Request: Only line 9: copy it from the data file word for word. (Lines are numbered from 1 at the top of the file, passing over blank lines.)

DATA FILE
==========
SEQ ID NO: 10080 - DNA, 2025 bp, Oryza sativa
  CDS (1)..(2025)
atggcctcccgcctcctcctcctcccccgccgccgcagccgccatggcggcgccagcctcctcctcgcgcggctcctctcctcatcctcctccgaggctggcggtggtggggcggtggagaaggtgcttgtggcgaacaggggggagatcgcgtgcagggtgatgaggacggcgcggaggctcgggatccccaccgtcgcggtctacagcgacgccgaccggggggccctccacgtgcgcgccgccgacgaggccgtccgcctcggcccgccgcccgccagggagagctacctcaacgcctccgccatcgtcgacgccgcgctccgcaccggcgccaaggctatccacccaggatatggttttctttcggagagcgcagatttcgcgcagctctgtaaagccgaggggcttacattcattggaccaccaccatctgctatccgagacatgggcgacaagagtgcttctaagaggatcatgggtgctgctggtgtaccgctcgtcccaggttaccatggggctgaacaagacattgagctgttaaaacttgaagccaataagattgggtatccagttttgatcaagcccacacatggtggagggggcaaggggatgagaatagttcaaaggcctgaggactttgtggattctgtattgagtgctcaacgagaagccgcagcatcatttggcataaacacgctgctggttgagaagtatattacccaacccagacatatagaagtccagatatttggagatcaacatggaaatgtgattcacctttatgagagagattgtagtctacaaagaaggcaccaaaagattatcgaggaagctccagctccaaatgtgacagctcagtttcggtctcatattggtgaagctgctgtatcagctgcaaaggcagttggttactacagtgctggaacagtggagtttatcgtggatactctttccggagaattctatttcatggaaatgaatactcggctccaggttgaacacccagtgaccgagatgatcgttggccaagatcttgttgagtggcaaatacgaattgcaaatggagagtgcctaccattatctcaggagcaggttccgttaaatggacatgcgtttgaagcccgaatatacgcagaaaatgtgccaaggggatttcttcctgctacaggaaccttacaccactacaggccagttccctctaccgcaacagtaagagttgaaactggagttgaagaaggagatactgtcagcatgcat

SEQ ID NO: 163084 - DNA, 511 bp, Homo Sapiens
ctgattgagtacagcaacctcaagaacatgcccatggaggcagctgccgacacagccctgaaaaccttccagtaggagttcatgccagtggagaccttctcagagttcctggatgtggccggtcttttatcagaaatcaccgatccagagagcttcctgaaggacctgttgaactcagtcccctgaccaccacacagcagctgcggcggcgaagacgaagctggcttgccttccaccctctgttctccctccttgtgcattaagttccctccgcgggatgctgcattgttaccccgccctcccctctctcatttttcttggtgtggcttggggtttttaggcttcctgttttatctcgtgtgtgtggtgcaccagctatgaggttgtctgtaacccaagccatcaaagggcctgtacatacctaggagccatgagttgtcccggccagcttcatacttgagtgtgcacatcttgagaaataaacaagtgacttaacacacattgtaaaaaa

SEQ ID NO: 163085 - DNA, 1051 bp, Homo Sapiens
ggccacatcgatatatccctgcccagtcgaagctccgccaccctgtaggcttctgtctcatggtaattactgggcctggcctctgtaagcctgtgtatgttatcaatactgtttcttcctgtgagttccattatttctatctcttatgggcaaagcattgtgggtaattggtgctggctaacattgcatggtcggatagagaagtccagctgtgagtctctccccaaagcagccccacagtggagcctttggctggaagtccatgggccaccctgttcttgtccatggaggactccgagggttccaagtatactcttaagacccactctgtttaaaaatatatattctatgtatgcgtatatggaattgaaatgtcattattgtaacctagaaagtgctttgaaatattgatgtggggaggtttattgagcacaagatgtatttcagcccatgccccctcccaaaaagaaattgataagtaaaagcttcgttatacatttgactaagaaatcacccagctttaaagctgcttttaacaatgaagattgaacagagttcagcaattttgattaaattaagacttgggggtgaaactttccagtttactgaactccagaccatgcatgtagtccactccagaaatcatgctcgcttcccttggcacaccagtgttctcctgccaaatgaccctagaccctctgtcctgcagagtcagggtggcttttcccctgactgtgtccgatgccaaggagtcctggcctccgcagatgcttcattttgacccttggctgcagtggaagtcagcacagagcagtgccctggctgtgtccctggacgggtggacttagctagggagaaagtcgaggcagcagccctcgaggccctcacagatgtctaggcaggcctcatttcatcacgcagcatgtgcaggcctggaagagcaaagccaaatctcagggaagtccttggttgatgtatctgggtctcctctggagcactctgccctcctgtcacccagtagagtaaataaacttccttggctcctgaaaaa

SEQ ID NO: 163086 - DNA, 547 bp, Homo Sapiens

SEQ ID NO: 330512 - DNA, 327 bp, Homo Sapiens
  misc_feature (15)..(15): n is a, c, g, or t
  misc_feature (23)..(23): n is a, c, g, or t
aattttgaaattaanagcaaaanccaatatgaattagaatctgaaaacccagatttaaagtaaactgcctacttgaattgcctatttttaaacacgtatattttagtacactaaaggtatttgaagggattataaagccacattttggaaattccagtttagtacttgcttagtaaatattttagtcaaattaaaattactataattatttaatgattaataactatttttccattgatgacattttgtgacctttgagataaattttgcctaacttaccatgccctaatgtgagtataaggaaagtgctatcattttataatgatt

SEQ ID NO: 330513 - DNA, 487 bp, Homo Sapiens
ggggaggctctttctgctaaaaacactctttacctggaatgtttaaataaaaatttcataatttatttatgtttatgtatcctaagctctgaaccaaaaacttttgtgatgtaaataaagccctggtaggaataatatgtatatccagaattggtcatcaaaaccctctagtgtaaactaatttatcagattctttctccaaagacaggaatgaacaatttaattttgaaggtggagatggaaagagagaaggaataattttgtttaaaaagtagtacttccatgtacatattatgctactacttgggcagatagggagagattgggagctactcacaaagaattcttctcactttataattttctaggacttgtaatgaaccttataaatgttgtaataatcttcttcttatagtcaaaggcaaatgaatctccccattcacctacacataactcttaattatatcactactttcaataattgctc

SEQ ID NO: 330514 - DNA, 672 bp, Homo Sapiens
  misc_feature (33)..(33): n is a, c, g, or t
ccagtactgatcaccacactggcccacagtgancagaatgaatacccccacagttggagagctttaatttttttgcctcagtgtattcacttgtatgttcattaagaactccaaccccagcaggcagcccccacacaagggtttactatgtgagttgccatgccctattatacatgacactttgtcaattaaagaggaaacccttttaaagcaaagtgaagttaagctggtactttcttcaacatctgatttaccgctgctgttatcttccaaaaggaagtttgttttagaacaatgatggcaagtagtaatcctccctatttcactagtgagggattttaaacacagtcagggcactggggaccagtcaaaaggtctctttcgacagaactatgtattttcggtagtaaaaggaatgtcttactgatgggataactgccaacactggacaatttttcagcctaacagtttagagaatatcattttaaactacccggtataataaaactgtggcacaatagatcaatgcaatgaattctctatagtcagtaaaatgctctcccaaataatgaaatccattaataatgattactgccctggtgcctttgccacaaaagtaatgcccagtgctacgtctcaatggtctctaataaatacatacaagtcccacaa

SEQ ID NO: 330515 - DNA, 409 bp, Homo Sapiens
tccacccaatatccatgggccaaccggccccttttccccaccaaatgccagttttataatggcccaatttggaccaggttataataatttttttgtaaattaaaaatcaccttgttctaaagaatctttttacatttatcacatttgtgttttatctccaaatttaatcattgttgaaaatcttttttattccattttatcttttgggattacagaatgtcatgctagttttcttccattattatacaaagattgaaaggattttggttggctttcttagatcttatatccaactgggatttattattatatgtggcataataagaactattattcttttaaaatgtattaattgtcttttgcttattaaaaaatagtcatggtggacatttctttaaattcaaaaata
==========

SEQ ID NO: 330512 - DNA, 327 bp, Homo Sapiens